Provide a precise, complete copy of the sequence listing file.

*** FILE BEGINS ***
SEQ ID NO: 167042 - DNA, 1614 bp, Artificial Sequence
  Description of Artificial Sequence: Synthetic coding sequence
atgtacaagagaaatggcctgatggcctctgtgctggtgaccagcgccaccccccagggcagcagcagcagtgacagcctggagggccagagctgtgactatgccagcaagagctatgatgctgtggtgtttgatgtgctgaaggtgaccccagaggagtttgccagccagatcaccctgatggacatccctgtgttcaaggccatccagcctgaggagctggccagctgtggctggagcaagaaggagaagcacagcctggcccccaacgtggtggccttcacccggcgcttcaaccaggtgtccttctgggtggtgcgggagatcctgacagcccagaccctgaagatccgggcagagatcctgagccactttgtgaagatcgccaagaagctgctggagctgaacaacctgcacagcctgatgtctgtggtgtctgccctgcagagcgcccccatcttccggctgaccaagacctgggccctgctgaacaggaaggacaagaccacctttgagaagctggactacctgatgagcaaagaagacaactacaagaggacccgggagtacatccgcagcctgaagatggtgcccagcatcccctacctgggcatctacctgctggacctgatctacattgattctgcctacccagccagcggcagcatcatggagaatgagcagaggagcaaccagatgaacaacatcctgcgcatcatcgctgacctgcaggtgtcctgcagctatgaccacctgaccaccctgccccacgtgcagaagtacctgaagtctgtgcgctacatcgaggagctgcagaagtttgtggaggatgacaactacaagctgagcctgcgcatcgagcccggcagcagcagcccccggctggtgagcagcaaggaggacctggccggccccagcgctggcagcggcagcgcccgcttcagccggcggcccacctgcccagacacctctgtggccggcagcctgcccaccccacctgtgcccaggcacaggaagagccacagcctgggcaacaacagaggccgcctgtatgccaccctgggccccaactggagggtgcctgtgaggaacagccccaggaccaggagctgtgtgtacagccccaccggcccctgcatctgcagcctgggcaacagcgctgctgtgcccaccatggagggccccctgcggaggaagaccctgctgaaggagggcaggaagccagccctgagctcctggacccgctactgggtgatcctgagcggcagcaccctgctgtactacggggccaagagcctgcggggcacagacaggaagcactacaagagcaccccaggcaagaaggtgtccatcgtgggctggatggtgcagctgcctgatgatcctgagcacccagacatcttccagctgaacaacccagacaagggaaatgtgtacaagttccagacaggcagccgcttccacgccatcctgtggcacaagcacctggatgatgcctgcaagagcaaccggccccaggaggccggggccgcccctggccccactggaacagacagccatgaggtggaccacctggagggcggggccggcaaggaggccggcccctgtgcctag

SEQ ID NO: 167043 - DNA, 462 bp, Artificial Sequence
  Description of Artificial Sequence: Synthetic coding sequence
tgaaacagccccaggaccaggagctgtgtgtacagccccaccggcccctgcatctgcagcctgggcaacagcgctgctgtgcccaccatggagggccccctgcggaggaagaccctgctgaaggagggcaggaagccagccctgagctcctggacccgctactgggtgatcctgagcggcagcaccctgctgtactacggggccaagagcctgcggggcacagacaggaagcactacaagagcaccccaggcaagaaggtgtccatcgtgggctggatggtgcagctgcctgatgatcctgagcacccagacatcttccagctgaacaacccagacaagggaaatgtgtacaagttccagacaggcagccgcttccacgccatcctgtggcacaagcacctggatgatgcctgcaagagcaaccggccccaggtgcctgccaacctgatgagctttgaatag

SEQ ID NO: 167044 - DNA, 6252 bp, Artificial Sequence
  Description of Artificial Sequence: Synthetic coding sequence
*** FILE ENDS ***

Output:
SEQ ID NO: 167042 - DNA, 1614 bp, Artificial Sequence
  Description of Artificial Sequence: Synthetic coding sequence
atgtacaagagaaatggcctgatggcctctgtgctggtgaccagcgccaccccccagggcagcagcagcagtgacagcctggagggccagagctgtgactatgccagcaagagctatgatgctgtggtgtttgatgtgctgaaggtgaccccagaggagtttgccagccagatcaccctgatggacatccctgtgttcaaggccatccagcctgaggagctggccagctgtggctggagcaagaaggagaagcacagcctggcccccaacgtggtggccttcacccggcgcttcaaccaggtgtccttctgggtggtgcgggagatcctgacagcccagaccctgaagatccgggcagagatcctgagccactttgtgaagatcgccaagaagctgctggagctgaacaacctgcacagcctgatgtctgtggtgtctgccctgcagagcgcccccatcttccggctgaccaagacctgggccctgctgaacaggaaggacaagaccacctttgagaagctggactacctgatgagcaaagaagacaactacaagaggacccgggagtacatccgcagcctgaagatggtgcccagcatcccctacctgggcatctacctgctggacctgatctacattgattctgcctacccagccagcggcagcatcatggagaatgagcagaggagcaaccagatgaacaacatcctgcgcatcatcgctgacctgcaggtgtcctgcagctatgaccacctgaccaccctgccccacgtgcagaagtacctgaagtctgtgcgctacatcgaggagctgcagaagtttgtggaggatgacaactacaagctgagcctgcgcatcgagcccggcagcagcagcccccggctggtgagcagcaaggaggacctggccggccccagcgctggcagcggcagcgcccgcttcagccggcggcccacctgcccagacacctctgtggccggcagcctgcccaccccacctgtgcccaggcacaggaagagccacagcctgggcaacaacagaggccgcctgtatgccaccctgggccccaactggagggtgcctgtgaggaacagccccaggaccaggagctgtgtgtacagccccaccggcccctgcatctgcagcctgggcaacagcgctgctgtgcccaccatggagggccccctgcggaggaagaccctgctgaaggagggcaggaagccagccctgagctcctggacccgctactgggtgatcctgagcggcagcaccctgctgtactacggggccaagagcctgcggggcacagacaggaagcactacaagagcaccccaggcaagaaggtgtccatcgtgggctggatggtgcagctgcctgatgatcctgagcacccagacatcttccagctgaacaacccagacaagggaaatgtgtacaagttccagacaggcagccgcttccacgccatcctgtggcacaagcacctggatgatgcctgcaagagcaaccggccccaggaggccggggccgcccctggccccactggaacagacagccatgaggtggaccacctggagggcggggccggcaaggaggccggcccctgtgcctag

SEQ ID NO: 167043 - DNA, 462 bp, Artificial Sequence
  Description of Artificial Sequence: Synthetic coding sequence
tgaaacagccccaggaccaggagctgtgtgtacagccccaccggcccctgcatctgcagcctgggcaacagcgctgctgtgcccaccatggagggccccctgcggaggaagaccctgctgaaggagggcaggaagccagccctgagctcctggacccgctactgggtgatcctgagcggcagcaccctgctgtactacggggccaagagcctgcggggcacagacaggaagcactacaagagcaccccaggcaagaaggtgtccatcgtgggctggatggtgcagctgcctgatgatcctgagcacccagacatcttccagctgaacaacccagacaagggaaatgtgtacaagttccagacaggcagccgcttccacgccatcctgtggcacaagcacctggatgatgcctgcaagagcaaccggccccaggtgcctgccaacctgatgagctttgaatag

SEQ ID NO: 167044 - DNA, 6252 bp, Artificial Sequence
  Description of Artificial Sequence: Synthetic coding sequence